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Doyle Park’s homeless

EDITOR: Doyle Park in Santa Rosa is an inappropriate site for a homeless encampment. The “differently homed” have taken over picnic tables, children’s play equipment, open areas, creeks and embankments every day and night. Most of these folks do not want housing and services.

Taxpaying citizens have lost peacefulness and beauty. I don’t go to a park to see folks pulling up their pants as they come from the creek, yelling with foul language, bathing in drinking fountains, leaving trash.

Park hours are posted: Dawn to dusk. Signs are posted: Overnight camping prohibited. Yet our city has given the OK for these folks to pitch their tents and sleeping bags wherever they choose. The problem: the one bathroom at the west end is locked at night. I’ve smelled the results down by the creek and seen the results of unsupervised dogs. An extreme health hazard. Doyle Park is surrounded by homes and two elementary schools, again making it an inappropriate encampment site.

The city needs to find areas outside of public parks and provide tents, bathrooms, showers, tables and sheltered areas. Use the almost $5,000 paid each month for AT&T’s cellphone tower and find a way to relocate these folks. Don’t allow parks to be living areas.


Santa Rosa

Mental health coverage

EDITOR: Kudos and gratitude to Staff Writer Martin Espinoza for his comprehensive study of psychiatric issues and treatment dilemmas in Sonoma County. Over four consecutive Sundays, he reported problems concerning a lack of care, whether it be in the community or in the jail population. He studied, interviewed and wrote in a sensitive, fact-driven and empathic manner that hopefully will lead to a publishing award.

We were the subject of the first of the four articles, relaying our tragic story about our son Quoyah Carson Tehee’s mental illness and suicide. It was a gut-wrenching yearlong process to relay our experiences. Our intentions were to communicate how frustrating and difficult it can be for families seeking help for loved ones with mental illness who don’t want to be helped because they don’t know that they are sick.

Our second intention was to open the discussion for families and individuals who struggle with mental illness so they can come out of the closet, so to speak. In Espinoza’s fourth Sunday article, others wrote about their experiences, and our goal was met. We applaud those with their courage.



Nanny state projects

EDITOR: Thank you to Michael Tuhtan for stating the obvious intent of our elected officials who promoted the SMART train ruse (“A wine and pot train,” Letters, Sept. 22). The wording of his letter reflected my own expressed opinion prior to voting no on SMART. It seems our nanny-led Board of Supervisors knows what is best for their and your interest as exemplified in the push to build more housing. Build it and they will come. The beat goes on.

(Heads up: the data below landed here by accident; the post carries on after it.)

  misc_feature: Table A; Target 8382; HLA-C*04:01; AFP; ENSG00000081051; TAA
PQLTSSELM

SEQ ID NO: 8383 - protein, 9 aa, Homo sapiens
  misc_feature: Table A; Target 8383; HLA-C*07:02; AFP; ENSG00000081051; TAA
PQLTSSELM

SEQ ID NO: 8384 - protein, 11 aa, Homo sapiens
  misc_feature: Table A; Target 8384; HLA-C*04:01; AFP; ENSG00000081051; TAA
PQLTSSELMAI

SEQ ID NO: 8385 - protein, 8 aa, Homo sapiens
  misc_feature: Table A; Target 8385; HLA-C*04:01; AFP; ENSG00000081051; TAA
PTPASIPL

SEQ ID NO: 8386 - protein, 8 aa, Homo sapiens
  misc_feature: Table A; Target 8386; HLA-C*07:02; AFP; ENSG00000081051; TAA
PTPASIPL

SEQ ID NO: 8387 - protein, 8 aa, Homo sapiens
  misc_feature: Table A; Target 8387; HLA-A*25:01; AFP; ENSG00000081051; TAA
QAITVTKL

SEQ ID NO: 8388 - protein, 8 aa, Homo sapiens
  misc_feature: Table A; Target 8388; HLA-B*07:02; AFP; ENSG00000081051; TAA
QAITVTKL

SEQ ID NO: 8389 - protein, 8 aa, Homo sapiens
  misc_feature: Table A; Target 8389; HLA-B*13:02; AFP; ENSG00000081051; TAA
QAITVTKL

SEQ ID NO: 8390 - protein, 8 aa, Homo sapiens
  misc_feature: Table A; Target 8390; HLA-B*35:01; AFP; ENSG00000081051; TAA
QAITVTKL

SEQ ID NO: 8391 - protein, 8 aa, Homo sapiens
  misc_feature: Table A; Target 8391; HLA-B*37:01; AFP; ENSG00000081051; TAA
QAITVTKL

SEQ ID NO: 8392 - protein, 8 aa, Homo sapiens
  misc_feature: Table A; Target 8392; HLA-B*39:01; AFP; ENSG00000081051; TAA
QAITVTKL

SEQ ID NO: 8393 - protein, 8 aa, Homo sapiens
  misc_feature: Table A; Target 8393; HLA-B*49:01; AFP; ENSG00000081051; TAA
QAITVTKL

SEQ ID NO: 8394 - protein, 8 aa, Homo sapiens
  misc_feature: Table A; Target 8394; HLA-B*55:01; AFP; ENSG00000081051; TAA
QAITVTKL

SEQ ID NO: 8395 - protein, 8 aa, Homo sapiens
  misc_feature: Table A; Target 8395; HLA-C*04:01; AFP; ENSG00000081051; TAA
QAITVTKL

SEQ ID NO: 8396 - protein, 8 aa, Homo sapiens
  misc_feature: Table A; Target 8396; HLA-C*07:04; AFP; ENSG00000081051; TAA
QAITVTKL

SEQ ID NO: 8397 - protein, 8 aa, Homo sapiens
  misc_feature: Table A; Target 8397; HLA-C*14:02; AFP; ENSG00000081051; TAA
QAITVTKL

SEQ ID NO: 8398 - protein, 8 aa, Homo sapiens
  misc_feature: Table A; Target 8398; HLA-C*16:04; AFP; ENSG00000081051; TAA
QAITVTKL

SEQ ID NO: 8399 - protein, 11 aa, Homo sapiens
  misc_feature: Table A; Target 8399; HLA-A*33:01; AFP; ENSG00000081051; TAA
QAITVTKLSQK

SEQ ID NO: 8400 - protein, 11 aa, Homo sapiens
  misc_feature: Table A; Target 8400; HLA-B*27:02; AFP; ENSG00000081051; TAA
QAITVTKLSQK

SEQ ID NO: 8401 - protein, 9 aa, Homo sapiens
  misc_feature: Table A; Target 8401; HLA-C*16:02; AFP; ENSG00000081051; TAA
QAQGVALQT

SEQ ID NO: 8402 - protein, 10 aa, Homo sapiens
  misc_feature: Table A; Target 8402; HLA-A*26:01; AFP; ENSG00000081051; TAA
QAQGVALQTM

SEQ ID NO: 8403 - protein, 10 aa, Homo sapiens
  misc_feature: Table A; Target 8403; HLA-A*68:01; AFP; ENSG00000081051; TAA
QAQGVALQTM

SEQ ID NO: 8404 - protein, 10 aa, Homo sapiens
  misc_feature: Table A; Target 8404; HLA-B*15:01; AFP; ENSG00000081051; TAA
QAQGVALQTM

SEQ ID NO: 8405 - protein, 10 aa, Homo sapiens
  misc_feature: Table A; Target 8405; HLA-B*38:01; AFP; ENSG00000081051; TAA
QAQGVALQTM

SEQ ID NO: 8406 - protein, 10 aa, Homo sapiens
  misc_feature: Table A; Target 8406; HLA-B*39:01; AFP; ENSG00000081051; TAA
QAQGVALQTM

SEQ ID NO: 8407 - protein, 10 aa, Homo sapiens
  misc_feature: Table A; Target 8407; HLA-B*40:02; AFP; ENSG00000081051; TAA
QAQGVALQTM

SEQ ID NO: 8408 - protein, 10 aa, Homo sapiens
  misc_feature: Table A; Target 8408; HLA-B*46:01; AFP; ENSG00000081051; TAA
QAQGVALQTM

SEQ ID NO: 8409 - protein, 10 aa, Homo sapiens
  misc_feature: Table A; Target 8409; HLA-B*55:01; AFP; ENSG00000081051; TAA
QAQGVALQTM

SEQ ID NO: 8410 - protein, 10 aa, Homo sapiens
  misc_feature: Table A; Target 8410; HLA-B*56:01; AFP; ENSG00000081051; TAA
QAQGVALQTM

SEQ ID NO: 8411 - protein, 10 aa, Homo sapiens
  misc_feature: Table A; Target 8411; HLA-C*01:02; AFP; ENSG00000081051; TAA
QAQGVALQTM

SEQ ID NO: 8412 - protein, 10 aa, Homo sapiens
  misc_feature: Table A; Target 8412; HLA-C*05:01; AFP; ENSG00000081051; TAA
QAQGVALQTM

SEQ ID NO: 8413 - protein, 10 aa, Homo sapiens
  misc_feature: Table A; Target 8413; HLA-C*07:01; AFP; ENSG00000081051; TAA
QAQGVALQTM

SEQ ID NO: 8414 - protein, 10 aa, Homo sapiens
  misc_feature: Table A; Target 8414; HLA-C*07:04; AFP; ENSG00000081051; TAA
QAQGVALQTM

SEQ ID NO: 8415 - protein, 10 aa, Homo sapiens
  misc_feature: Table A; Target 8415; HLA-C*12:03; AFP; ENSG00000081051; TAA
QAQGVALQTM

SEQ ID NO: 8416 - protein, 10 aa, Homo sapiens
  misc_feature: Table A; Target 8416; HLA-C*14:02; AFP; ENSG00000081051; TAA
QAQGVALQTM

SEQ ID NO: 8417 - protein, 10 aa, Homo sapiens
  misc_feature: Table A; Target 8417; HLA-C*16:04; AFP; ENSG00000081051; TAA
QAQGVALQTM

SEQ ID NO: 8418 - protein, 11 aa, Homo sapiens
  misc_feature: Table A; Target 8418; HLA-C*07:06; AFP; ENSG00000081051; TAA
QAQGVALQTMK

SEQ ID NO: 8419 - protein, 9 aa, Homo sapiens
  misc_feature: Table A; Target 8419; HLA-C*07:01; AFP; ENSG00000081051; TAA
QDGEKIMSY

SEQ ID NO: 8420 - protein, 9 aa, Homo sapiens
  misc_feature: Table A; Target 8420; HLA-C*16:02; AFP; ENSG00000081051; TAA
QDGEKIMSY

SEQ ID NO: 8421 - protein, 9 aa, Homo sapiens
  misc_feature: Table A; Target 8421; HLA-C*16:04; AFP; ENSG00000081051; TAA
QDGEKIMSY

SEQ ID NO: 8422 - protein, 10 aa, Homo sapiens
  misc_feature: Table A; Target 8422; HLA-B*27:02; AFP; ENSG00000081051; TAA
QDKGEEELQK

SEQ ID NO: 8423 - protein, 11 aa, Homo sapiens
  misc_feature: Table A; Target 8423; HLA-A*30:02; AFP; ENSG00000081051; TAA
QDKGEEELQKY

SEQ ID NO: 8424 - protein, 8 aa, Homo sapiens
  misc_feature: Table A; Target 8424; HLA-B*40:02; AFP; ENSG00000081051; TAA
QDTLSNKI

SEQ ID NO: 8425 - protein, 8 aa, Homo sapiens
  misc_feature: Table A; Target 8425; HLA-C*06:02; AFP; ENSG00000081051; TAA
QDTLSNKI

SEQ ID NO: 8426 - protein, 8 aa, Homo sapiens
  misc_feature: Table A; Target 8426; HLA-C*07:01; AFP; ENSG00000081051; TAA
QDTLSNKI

Santa Rosa

Deflated basketball

EDITOR: In the months since winning the NBA Championship, players and coaches of the Golden State Warriors have said they may not visit the White House under President Donald Trump to honor their achievement. Whether it is a basketball, football or baseball champion, going to the White House has been an American tradition for decades.

Upon learning the Warriors would vote on the visit, Trump rescinded the invitation. I applaud the president. If you have to vote on visiting the people’s house, you shouldn’t be going.

Soon after the president rescinded the Warriors invitation, the Warriors sent out a press release that they were planning to go to the White House, but since they are now not invited will spend the trip to D.C. spreading diversity. That is fine, Warriors, but you are the ones who have been playing politics over the past few months, and you are looking as two-faced as Hillary Clinton is.


Rohnert Park

Reading up on Vietnam

EDITOR: An excellent column by Richard Cohen about the Vietnam War in Sunday’s paper (“Vietnam War a fight between lies, truth”). For those who would like additional information about the disgusting politics driving that war, I suggest reading the incredibly researched and well-written book “Dereliction of Duty” by Lt. Gen. H.R. McMaster, the current national security adviser.



Presumed guilty

EDITOR: The presumption of innocence appears to have been discarded in the case of Alejandra Hernandez-Ruiz, whose daughters were tragically killed in a vehicle accident in Petaluma in 2016.

The fact that she now sits in jail on vehicular manslaughter charges with $500,000 bail — an unattainable amount to most people — while having no previous criminal record and no indication that this tragic accident was anything other than that — is in itself a punishment, even before there has been a trial or conviction.

Given that Ruiz is now battling cervical cancer and is receiving treatment at UC San Francisco, as reported in The Press Democrat, I hope that the district attorney and the judicial system will recognize that she isn’t a threat to the community and allow her to be free until such time as she is either convicted or acquitted of the charges against her.


Rohnert Park